Q: Have you tried any of our native food ? If yes, what and did you like it ?
Q: What do you think has the strongest (will) power ? Mother nature or the human race ?
Q: What is harder for you to deal with: hot weather in the Sahara desert or cold weather in Chukotka?
Q: What do you and the Americans in general think of the Russians ?
Q: Is their thinking of Russia currently changing ?
Q: Is the current economic crisis impacting your expedition ?
Q: What do you think of president elect Barack Obama ? Do you support him ?
Q: What are you doing tonight ? - To which the whole class bursted in laughs... ;-)
Thanks to progress, I am now able to use the internet at the school in Vayegi which I could not have done back in June... and this is why I am able to easily post this update !
Let me take the opportunity to share here a few thoughts on my hectic week last week in Anadyr...
1. "Drujba, Obama, Moloko!"
A lot of Russians seem to be quite keen on the fact that America has chosen Barack Obama as its next president.
Chukchis especially seems to love him !
Stepen, a chukchi teacher, father of 8 children and living in a small village up North near Pevek was quite excited when I gave him an "Obama 08" badge and immediately returned the favor by offering me a glass milk and yelling: "Friendship, Obama, Milk!"
Now, that's a slogan !
I was sharing my room with this man, as well as with Slav, a baptist priest from Pevek on his way to a conference in Anadyr and Nikolai, the veterinarian from Omsk I mentioned in my last post.
One could also make a joke out of a priest, teacher, a veterinarian and a traveller sharing a room... I have a few weeks on the trail to think of one...
At a separate time, a 1/2 white 1/2 chukchi woman was also very excited when she saw my Obama Tshirt and asked me where she could buy it...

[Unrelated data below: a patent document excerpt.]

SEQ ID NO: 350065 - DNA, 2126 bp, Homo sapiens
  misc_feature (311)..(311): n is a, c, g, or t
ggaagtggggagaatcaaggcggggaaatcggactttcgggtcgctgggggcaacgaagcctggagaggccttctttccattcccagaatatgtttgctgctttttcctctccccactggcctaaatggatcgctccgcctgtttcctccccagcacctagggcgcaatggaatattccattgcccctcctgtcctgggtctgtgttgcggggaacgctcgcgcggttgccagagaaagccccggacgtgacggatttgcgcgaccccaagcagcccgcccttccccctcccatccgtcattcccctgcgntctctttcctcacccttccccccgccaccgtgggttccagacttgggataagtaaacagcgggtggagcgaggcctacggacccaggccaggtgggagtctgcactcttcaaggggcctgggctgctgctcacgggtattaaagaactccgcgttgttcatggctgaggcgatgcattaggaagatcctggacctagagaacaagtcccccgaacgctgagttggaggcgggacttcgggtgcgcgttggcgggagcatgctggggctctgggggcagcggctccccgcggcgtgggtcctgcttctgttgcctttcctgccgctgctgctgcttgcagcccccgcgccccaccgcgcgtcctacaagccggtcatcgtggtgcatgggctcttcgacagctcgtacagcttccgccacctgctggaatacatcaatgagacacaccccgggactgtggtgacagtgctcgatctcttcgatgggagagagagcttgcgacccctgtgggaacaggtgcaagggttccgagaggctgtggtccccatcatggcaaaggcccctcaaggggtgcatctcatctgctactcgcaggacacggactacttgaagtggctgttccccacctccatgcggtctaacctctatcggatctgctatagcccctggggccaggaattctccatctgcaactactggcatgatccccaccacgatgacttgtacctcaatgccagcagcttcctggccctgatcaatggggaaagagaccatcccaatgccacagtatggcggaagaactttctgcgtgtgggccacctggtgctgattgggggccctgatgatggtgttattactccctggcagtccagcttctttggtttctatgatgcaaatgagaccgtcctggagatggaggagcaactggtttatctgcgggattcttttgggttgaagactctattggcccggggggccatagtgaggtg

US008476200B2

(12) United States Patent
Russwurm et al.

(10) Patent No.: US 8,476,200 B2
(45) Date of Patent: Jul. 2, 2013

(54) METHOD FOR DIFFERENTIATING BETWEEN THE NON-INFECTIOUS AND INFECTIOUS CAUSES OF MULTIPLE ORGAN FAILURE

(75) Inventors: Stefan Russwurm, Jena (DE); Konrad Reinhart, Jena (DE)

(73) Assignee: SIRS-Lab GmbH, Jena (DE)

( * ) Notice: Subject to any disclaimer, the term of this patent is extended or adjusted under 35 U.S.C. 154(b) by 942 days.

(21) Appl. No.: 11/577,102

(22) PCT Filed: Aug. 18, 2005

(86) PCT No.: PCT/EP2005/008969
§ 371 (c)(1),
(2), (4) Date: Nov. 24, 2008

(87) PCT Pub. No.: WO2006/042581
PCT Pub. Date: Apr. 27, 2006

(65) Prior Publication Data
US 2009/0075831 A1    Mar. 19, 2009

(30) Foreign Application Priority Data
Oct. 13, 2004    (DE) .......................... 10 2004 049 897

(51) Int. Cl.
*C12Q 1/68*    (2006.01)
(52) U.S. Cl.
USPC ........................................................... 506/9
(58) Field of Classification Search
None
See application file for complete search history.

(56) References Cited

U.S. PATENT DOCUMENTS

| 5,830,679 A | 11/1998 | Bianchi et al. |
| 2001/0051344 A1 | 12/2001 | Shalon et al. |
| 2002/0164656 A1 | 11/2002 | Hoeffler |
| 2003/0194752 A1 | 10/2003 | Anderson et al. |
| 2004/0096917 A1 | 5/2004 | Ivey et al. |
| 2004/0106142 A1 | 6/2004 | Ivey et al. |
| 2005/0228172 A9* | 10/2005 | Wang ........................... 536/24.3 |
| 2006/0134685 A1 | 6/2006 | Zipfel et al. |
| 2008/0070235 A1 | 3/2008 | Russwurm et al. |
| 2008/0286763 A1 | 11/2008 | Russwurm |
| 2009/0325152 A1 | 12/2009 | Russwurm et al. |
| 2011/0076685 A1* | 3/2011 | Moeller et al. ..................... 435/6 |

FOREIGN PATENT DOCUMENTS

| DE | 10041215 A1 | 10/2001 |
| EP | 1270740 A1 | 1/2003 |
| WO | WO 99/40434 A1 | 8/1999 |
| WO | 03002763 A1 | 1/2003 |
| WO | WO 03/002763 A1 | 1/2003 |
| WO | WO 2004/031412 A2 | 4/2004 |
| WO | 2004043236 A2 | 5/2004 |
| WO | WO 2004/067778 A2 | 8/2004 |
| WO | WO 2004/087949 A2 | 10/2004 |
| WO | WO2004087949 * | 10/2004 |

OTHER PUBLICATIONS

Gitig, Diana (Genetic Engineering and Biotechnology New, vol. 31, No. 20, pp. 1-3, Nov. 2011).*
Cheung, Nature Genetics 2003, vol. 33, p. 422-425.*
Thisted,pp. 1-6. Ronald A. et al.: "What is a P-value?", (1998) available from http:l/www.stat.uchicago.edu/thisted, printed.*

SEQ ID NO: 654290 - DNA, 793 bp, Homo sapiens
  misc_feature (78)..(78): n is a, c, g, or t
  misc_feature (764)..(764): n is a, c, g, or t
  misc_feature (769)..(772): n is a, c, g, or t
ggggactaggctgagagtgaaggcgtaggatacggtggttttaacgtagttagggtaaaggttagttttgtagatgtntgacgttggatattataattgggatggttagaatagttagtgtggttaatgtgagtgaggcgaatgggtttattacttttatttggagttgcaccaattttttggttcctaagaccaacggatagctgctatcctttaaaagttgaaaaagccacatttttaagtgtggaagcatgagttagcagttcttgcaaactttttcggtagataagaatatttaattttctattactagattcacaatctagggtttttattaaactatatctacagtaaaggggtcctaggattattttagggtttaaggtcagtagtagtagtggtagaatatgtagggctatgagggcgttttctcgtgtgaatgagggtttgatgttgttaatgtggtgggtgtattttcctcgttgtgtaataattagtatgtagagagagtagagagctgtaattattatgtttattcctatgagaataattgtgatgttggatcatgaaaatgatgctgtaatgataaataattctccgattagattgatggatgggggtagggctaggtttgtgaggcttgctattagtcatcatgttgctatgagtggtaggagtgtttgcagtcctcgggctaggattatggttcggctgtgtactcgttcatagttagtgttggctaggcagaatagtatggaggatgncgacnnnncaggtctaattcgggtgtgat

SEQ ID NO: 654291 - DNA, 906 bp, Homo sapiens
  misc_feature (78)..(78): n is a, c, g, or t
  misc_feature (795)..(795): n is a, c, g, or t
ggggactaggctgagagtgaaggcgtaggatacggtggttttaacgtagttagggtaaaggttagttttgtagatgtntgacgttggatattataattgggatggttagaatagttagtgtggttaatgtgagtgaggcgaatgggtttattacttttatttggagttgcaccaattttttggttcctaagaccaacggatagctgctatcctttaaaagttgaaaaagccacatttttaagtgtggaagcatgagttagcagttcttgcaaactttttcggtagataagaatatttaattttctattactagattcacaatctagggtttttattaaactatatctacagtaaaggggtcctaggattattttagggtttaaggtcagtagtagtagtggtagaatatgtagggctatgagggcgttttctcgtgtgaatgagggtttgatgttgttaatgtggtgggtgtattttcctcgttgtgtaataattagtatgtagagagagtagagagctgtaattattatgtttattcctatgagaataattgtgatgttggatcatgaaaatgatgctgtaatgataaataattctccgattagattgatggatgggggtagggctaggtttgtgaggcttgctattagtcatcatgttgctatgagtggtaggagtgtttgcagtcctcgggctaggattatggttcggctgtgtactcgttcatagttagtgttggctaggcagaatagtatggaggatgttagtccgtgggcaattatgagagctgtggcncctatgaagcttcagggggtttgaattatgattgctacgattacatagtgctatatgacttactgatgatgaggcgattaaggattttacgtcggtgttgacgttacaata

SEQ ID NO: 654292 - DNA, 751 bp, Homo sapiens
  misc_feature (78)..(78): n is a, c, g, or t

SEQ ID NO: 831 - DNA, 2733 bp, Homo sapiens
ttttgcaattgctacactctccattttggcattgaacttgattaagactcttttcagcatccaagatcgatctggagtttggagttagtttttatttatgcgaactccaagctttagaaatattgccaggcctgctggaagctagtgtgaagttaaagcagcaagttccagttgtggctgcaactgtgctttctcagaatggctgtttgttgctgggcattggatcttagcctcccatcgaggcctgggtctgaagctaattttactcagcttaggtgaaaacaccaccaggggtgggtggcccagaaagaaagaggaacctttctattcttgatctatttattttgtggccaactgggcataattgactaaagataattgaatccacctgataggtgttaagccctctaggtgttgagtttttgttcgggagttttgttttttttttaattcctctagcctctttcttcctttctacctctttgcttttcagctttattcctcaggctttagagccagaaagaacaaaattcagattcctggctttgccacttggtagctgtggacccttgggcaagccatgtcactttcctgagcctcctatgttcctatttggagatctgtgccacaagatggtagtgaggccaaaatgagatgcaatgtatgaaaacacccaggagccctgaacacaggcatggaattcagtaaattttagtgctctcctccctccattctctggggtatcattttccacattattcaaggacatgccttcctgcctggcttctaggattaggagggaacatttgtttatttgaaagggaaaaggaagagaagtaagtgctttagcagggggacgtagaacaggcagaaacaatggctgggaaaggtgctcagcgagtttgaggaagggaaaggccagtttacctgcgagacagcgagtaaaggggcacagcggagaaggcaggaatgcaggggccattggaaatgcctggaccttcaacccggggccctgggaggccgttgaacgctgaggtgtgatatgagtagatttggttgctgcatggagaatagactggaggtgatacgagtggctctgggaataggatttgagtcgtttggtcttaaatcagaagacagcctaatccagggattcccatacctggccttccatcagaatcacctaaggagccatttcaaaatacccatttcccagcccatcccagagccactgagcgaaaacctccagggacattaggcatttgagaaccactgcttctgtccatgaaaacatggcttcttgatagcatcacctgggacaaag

I mentioned to her that maybe some day Russia will have a 1/2 chukchi 1/2 white president to which she responded: "maybe in 40 years but definitely not now..."
2. Safety and border matters
I have been told that I was on a tight leash while travelling through Chukotka.
I have been asked to sign a contract agreeing that I was required to call or email via satellite phone every night a responsible party.
If I fail to do so, the local emergency team and/or border guards will be entitled to dispatch an helicopter to attempt to rescue me while travelling through the tundra. Of course, I have also agreed in writing that I would have to cover the cost for this rescue which could be equivalent to the price of a medium size car...
This contract only applies while I am travelling through Chukotka territory.
Afterwards, I will no longer be required to call on a daily basis which can be quite challenging in -30C with a limited amount of satellite batteries.
I am predicting that in about 2 weeks I should be out of the Chukotkan territory and entering the state of Kamchatka where regulations will be much more relax.
Needless to say that I want to avoid at all cost to have to dispatch (and accordingly pay for it!) an helicopter rescue . I am currently re-checking all of my satellite phone batteries, hoping that none of them will fail me !
One of the reasons for the authorities to be quite concerned is the fact that about a month ago, the owner of a small overcraft in Markova got lost while getting in the wrong river and broke his engine. He finally appeared in Anadyr three weeks later, having survived the odyssey the best way he could...
The fact that he was without a GPS and potentially drunk may have impacted the ordeal slightly, as you can all imagine...
3. Vodka ? Niet, spassiba !
Last Sunday, I had the pleasure to join friends at the Banya where one get to see everyone in town.... One thing led to another in a very typical Russian fashion and the next thing I know I was leaving the Banya to attend a drinking and eating gathering with journalists and officials.
No matter how small the glasses are, they do add up, round after round and ,frankly, my body is really not used to this type of abuse...
So, I have decided that going forward, I will try my hardest to turn down any vodka offering in motherland Russia. Let's see how strong is my power of persuasion in the weeks to come !
Piva, da, niet problem...
4. Life can be taken away so easily...
I had a strong reminder on Wednesday on how fragile and valuable life can be.
The Bering Air flight from Nome to Anadyr on which one was being shipped some of the technical gear I was missing, had been delayed.
This was because a 60 years old employee from Kupol died of a heart attack as he was boarding the plane.
My prayers and thoughts go to his family for such a sudden departure.
On this departing note, I need to stop abusing from the kindness of the school in Vayegi offering me this internet access and need to go back to my final preparation.
Once again, wherever you are , enjoy Thanksgiving if it is part of your tradition /culture.